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ties are fresh. And recollect at evening every thing worth remembring the day past.

7. Think it not enough to furnish this storehouse of the mind with good thoughts, but lay them up there in order, digested or ranged under proper subjects or classes ; that, whatever subject you have occasion to think or talk upon, you may have recourse immediately to a good thought which you heretofore laid up there under that subject. So that the very mention of the subject may bring the thought to hand ; by which means you will carry a regular common place book in your memory. And it may not be amiss sometimes to take an inventory of this mental furniture, and recollect how many good thoughts you have treasured up under such particular subjects, and whence you had them.

Lastly, Nothing helps the memory more than often thinking, writing, or talking on those subjects you would remember. But enough of this.

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XV. A MAN that knows himself, is sensible of, and attentive to the particular taste of his mind, especially in matters of religion.

No, 6.

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as the late Whiodo

Howe judiciously observes, there is, beside bare understanding and judgment, and diverses

and diverse from that heavenly, gift, the scripture is called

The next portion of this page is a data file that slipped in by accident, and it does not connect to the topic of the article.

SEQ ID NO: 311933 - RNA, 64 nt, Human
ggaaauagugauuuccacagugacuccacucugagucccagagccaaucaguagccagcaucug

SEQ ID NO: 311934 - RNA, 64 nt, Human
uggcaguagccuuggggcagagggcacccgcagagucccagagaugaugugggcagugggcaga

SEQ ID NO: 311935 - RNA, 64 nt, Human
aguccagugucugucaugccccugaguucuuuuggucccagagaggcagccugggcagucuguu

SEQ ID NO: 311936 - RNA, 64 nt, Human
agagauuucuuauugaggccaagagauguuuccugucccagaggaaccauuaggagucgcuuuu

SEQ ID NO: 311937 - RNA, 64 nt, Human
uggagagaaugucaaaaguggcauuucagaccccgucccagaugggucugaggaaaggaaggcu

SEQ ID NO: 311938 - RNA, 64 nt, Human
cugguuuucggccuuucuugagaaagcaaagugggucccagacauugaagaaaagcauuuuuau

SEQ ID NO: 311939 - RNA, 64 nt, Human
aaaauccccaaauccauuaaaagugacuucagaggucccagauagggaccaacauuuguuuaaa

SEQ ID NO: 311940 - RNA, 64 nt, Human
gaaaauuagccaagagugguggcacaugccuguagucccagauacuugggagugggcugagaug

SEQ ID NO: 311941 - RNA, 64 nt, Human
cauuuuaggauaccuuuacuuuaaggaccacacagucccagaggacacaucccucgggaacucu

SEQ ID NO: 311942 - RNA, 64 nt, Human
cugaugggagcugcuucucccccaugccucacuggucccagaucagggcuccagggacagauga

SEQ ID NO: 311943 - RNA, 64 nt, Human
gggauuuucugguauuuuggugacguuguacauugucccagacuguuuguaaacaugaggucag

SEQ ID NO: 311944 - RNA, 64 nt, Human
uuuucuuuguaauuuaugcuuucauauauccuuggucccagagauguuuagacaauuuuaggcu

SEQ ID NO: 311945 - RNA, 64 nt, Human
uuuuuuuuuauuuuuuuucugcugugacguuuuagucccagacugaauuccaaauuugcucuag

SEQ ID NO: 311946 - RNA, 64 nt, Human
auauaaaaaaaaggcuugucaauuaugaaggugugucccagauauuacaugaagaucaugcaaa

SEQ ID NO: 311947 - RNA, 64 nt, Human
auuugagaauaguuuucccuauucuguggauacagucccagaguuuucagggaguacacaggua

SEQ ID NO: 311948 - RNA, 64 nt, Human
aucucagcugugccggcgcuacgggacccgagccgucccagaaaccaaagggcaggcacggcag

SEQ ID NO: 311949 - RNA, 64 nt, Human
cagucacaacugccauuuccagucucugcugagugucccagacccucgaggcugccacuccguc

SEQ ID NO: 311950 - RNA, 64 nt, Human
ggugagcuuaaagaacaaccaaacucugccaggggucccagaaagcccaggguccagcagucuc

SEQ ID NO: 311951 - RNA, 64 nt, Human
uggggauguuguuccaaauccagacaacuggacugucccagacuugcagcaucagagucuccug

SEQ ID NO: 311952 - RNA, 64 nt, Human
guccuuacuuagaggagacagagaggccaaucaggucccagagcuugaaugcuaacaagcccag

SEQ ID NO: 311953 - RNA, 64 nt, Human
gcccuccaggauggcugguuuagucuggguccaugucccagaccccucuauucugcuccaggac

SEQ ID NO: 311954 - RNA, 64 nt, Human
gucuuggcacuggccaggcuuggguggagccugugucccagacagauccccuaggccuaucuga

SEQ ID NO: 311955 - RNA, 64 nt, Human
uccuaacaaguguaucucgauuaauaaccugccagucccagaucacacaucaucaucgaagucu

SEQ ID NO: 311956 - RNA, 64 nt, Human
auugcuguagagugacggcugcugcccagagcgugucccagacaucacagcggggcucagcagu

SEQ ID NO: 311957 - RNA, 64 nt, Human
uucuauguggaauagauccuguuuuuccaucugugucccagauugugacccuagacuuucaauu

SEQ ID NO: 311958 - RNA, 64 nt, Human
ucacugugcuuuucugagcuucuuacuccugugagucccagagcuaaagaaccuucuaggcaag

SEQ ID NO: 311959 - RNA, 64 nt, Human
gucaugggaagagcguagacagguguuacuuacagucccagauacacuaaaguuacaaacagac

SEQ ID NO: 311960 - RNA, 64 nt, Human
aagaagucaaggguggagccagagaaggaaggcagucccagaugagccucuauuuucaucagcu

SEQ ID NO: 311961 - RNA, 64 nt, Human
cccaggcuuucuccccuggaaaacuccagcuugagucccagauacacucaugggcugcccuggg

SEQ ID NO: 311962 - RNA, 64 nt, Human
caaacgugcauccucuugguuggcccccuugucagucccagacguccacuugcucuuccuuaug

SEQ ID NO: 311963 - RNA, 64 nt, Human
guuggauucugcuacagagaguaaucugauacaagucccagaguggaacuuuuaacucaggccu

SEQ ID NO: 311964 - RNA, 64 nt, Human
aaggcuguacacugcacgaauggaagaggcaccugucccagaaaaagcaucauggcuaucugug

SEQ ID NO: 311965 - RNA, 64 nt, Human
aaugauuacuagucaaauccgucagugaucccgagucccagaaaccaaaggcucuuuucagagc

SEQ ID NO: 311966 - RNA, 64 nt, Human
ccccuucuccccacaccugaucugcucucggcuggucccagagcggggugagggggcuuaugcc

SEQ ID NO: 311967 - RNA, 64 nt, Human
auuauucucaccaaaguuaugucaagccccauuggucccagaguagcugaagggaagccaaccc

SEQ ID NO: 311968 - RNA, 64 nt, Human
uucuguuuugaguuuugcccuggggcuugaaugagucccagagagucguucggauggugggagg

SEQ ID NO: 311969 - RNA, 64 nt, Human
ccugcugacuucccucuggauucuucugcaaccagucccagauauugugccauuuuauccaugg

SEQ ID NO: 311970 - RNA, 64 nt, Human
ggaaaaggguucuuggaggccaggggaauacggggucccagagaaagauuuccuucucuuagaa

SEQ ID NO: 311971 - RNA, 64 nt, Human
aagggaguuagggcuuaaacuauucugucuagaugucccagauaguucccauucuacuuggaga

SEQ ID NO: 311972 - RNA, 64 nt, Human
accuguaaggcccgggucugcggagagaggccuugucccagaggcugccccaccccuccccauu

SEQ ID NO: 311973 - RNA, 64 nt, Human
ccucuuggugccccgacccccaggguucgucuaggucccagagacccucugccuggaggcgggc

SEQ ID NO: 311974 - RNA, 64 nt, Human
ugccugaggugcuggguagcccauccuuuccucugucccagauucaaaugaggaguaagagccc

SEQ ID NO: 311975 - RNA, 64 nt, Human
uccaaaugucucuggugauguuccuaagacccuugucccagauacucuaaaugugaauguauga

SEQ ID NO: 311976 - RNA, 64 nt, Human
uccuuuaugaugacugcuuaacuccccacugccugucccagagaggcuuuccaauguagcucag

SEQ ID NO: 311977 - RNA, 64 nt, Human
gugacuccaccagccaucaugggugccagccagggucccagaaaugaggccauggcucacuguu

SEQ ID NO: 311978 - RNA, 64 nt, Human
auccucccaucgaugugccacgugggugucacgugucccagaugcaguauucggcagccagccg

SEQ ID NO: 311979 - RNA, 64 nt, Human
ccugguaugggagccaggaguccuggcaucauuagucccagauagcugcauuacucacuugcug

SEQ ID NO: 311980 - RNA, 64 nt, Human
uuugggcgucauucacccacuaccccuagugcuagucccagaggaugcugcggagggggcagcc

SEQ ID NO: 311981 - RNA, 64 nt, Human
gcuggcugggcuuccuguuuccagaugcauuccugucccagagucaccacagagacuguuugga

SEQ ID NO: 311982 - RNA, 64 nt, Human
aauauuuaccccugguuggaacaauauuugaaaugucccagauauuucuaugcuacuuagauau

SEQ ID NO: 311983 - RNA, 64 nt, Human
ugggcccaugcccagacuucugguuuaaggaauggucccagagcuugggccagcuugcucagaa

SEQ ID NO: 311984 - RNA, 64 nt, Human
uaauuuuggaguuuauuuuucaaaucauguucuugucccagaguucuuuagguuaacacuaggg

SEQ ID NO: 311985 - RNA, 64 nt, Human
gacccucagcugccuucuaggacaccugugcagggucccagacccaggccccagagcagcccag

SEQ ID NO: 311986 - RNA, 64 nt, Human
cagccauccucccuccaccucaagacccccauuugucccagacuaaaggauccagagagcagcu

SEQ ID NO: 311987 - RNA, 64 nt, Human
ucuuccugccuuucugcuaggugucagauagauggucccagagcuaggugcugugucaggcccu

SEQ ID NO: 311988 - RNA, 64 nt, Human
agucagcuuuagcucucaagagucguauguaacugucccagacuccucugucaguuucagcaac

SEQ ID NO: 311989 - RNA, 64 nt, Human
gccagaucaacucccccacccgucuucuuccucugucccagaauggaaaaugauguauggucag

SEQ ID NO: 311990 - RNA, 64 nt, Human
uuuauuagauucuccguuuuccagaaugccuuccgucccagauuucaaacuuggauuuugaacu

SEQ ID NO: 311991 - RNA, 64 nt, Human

grace, such

a thing as gust and relish belonging to the mind of (und, I doubt

not, with all observe themselves) and which are as unaccountable and as various as the relishes and disgusts of senserw This they only wonder at Who understand not themselves, or m.considerato body bụt themselves.aids

So that it cannot be said, universally, that it is a better judgment, or more grace that determines

men the one way or the other ; but somewhat in the temper of their minds distinct from both, which I know not

a FASTE. And this hath no more of mystery in it, than that there is such a thing belonging to our natures as complacency and displacency in reference to the objects of the mind. And this, in the kind of it, is as common to men as human nature ; but as much diversified in individuals as men's other inclinations are di boot

. ad Now this different taste in matters relating to religion, (though it may be sometimes natural

, or what is born with a man, yet) generally 4. rises from the difference of education and cusstamosd Aba wewuc,

tom. And the true reason why some persons have inveterate disrelish to certain circumstantials of religion, though ever so justifiable, and at the

time a fixed esteem for others

ALL CASO zhat we more, exceptionable,

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than what I have heard 'Some very honestly profess, viz. that the one they have been used to, and the other not. As a person by long use and habit acquires a greater relish for coarse and unwholesome food than the most delicate diet; so a person long habituated to a set of phrases, notions, and modes, may, by degrees, come to have such a veneration and esteem for them as to despise and condemn others which he has not been accustomed to, though perhaps more edifying and more agreeable to scripture and reason.

This particular taste in matters of religion differs very much (as Mr. Howe well observes) both from judgment and grace. Dia

do 50 ID However, it is often mistaken for both : When it is mistaken for the former, it leads to